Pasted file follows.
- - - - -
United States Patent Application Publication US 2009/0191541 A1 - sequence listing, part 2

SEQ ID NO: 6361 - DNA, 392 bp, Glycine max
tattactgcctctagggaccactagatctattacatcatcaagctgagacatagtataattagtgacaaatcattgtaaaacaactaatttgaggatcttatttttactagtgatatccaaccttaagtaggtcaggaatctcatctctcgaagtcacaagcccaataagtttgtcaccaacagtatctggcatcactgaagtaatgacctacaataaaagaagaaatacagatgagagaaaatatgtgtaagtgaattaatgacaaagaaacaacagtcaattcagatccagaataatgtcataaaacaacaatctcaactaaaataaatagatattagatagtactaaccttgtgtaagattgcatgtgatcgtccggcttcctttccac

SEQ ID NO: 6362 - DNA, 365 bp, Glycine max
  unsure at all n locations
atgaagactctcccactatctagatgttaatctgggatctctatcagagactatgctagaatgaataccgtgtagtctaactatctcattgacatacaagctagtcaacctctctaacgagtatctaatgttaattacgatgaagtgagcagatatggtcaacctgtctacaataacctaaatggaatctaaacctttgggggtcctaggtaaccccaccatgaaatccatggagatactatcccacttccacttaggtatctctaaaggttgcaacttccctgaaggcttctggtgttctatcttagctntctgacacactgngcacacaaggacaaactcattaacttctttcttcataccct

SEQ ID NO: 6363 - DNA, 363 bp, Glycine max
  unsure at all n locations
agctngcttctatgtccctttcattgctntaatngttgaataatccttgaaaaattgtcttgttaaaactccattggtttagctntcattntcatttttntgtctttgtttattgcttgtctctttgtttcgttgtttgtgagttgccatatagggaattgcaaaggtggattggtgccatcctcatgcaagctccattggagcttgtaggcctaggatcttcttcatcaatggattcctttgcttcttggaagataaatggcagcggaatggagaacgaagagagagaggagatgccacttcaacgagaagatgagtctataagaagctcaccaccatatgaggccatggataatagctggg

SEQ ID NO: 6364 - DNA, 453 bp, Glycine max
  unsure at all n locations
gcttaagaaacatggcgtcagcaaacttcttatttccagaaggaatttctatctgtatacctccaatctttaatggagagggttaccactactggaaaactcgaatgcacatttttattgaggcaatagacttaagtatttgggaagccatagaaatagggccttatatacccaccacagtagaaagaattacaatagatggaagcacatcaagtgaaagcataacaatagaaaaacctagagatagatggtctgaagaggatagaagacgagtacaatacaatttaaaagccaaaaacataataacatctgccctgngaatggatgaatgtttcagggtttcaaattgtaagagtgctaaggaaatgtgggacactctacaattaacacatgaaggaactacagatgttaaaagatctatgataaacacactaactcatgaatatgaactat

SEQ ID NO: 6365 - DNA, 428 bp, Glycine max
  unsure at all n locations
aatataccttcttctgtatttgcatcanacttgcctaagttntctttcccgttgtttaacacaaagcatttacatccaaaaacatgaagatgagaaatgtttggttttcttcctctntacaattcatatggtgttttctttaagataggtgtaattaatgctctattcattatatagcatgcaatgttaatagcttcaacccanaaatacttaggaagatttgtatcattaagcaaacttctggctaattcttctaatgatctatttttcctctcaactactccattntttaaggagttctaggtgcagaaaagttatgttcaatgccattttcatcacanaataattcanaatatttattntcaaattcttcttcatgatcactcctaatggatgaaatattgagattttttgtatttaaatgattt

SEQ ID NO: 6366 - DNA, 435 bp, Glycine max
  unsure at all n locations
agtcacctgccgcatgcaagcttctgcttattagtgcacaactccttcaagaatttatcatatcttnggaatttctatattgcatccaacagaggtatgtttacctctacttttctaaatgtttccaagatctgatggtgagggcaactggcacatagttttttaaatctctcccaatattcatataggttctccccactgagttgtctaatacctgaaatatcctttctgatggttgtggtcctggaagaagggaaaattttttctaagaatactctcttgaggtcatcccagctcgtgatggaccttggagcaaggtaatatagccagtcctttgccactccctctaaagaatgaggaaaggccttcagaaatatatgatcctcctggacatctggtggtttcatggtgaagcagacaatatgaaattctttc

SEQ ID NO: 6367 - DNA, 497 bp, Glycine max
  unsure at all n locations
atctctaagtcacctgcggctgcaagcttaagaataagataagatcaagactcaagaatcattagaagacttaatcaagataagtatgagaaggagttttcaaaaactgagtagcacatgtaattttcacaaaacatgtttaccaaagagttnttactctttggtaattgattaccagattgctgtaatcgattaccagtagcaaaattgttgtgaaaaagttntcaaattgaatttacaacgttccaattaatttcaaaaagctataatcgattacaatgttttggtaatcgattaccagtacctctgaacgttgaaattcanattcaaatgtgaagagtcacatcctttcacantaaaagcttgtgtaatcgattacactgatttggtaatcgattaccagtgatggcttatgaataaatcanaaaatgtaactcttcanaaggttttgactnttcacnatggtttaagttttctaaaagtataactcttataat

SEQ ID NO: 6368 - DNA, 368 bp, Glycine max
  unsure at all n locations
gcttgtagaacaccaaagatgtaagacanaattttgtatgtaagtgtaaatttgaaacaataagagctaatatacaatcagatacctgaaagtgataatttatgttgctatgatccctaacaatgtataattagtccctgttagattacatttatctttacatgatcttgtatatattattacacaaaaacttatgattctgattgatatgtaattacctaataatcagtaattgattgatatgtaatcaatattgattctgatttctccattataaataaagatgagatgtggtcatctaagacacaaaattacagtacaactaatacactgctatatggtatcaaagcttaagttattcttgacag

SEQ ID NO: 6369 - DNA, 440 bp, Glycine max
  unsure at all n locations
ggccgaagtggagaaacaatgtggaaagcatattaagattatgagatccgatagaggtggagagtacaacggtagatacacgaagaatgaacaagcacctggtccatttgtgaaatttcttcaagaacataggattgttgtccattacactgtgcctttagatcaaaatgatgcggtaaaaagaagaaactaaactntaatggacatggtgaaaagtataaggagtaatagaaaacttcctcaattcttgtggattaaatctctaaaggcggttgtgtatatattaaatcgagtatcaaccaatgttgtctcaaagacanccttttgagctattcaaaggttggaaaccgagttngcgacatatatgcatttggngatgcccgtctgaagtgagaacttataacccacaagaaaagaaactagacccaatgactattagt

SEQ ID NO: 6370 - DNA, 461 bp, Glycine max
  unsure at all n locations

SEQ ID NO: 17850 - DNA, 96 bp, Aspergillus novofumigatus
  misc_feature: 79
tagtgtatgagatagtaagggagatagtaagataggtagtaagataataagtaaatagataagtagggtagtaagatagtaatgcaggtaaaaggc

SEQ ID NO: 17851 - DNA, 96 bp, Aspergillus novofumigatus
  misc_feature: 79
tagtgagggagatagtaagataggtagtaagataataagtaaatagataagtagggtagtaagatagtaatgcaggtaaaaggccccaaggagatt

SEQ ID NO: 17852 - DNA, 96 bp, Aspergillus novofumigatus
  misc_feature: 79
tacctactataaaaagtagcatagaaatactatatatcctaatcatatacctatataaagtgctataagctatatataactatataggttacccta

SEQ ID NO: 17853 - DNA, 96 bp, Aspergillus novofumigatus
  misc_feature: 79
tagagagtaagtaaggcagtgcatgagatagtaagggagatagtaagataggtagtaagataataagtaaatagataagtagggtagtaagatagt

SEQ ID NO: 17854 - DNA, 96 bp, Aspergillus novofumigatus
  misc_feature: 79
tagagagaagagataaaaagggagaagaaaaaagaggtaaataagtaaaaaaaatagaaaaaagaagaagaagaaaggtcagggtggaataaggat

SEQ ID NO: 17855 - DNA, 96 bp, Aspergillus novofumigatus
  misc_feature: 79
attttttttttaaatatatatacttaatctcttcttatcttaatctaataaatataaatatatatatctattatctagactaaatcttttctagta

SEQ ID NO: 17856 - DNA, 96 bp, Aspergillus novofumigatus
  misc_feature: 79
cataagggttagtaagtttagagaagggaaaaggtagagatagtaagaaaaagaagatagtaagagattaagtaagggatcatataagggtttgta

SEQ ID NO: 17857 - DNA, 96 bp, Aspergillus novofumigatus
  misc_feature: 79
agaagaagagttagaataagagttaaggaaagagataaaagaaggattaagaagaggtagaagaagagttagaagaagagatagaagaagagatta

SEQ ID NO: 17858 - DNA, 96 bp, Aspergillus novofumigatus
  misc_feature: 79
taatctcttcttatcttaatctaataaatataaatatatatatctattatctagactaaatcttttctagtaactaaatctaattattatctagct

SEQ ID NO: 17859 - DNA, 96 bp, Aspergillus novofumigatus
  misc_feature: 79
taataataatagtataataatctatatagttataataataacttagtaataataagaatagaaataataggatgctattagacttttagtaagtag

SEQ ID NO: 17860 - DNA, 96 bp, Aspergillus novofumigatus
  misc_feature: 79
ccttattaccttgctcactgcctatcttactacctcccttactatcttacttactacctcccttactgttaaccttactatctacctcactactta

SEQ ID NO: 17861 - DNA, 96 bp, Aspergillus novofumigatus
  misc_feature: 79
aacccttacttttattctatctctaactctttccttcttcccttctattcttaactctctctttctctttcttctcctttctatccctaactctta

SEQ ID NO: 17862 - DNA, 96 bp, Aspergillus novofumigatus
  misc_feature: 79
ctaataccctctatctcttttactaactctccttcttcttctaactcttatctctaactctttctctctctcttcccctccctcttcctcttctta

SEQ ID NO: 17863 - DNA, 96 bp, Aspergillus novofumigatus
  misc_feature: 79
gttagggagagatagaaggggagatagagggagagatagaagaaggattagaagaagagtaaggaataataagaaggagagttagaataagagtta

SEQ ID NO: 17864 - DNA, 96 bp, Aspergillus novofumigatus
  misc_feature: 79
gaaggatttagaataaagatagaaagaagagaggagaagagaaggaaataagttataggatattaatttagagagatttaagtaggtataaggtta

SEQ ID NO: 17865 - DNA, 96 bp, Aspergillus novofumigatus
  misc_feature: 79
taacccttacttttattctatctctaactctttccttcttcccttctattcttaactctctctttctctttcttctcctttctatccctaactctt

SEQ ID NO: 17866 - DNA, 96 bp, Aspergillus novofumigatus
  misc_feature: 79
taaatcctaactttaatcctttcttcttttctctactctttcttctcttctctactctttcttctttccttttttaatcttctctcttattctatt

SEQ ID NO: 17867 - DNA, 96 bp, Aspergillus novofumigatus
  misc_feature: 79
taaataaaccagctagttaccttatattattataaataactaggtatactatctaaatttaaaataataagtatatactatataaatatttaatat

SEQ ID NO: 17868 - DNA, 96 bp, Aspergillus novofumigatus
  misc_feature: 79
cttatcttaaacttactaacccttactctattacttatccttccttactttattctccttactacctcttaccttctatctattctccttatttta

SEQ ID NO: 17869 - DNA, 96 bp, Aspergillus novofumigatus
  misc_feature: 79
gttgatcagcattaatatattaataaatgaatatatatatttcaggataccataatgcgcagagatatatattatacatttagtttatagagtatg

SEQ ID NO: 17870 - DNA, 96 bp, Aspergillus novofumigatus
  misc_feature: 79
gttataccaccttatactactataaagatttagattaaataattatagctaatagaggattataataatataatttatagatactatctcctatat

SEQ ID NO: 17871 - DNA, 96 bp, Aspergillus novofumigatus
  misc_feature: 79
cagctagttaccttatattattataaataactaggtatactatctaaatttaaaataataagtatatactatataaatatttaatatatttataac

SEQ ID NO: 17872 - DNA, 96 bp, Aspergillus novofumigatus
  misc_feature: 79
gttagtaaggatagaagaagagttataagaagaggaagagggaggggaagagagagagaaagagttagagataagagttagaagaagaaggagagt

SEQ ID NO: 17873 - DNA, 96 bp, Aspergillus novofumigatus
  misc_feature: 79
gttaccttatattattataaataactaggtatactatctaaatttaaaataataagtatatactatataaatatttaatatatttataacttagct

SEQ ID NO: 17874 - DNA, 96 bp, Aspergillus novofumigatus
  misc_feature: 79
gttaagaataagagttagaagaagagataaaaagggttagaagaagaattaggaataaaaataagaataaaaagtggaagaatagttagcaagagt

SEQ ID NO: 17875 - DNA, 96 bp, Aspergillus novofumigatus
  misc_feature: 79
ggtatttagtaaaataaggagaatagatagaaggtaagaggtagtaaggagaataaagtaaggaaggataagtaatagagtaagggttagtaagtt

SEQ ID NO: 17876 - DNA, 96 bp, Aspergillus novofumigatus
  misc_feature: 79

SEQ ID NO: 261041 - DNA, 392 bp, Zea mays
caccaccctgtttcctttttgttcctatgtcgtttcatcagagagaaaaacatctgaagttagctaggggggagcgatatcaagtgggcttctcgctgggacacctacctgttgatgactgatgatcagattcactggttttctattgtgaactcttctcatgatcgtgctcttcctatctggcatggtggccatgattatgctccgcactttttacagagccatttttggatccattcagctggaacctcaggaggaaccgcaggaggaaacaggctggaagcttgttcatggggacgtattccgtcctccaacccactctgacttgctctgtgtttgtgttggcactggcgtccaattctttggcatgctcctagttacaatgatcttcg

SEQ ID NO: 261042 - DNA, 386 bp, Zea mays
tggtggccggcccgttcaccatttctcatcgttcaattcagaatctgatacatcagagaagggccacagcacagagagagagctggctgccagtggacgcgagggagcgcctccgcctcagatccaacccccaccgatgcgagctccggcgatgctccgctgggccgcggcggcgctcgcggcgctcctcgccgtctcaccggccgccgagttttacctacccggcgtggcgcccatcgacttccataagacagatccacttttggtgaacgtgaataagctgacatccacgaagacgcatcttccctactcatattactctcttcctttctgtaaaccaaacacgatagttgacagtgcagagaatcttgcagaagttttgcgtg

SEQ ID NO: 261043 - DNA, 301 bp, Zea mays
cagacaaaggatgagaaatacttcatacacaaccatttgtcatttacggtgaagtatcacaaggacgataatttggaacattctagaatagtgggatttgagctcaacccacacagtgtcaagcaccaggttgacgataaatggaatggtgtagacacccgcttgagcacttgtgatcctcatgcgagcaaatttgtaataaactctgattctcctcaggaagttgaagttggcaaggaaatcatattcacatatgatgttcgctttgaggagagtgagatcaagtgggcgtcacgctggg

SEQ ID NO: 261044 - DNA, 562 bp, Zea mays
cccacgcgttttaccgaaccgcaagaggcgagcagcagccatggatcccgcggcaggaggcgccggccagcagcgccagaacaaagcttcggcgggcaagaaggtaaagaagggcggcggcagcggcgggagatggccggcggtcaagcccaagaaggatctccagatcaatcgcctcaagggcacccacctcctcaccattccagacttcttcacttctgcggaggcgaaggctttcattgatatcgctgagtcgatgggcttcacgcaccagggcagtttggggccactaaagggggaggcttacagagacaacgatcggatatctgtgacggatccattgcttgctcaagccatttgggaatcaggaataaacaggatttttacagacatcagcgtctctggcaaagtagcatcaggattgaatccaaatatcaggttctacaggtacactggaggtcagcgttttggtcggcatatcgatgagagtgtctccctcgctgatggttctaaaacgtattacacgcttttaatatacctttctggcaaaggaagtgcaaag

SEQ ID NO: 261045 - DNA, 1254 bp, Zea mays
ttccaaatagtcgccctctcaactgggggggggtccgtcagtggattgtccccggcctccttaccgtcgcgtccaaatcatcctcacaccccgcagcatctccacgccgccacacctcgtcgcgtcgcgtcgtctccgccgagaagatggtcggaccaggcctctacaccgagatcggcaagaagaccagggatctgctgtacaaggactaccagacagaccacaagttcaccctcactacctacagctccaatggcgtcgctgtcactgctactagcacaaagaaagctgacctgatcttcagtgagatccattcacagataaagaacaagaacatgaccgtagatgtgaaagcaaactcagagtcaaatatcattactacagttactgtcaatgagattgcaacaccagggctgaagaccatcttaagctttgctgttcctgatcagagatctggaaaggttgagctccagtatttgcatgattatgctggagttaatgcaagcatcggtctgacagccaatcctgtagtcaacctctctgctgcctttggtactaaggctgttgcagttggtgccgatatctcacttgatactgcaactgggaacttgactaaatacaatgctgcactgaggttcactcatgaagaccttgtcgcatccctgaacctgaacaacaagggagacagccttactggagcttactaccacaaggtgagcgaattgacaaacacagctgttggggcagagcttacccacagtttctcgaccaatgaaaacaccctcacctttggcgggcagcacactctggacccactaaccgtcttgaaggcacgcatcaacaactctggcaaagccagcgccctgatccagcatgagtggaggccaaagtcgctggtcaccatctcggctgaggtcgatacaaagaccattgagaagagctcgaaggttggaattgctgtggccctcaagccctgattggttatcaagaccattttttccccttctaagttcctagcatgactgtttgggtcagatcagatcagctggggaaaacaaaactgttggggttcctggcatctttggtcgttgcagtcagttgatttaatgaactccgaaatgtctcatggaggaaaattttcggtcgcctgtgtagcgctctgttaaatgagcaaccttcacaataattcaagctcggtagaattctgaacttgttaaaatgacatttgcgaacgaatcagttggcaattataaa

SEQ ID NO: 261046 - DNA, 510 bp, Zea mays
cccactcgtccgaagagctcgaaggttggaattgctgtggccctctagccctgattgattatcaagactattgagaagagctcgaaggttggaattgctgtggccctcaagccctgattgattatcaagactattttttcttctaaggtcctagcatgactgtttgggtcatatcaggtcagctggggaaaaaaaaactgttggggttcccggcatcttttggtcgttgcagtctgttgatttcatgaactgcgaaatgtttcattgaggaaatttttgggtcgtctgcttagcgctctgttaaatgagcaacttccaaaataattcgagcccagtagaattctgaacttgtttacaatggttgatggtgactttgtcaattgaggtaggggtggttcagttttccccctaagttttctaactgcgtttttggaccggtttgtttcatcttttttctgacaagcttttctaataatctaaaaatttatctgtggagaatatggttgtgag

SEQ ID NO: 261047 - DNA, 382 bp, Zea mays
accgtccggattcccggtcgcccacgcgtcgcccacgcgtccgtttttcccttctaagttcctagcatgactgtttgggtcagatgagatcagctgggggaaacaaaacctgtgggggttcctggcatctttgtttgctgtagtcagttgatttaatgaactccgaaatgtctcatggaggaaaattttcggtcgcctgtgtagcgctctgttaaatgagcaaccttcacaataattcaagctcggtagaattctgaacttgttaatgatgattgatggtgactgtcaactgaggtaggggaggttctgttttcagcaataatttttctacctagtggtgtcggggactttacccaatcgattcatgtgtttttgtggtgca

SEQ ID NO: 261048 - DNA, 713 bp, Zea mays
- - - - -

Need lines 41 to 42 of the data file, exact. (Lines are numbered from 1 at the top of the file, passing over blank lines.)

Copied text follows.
tagagagtaagtaaggcagtgcatgagatagtaagggagatagtaagataggtagtaagataataagtaaatagataagtagggtagtaagatagt

SEQ ID NO: 17854 - DNA, 96 bp, Aspergillus novofumigatus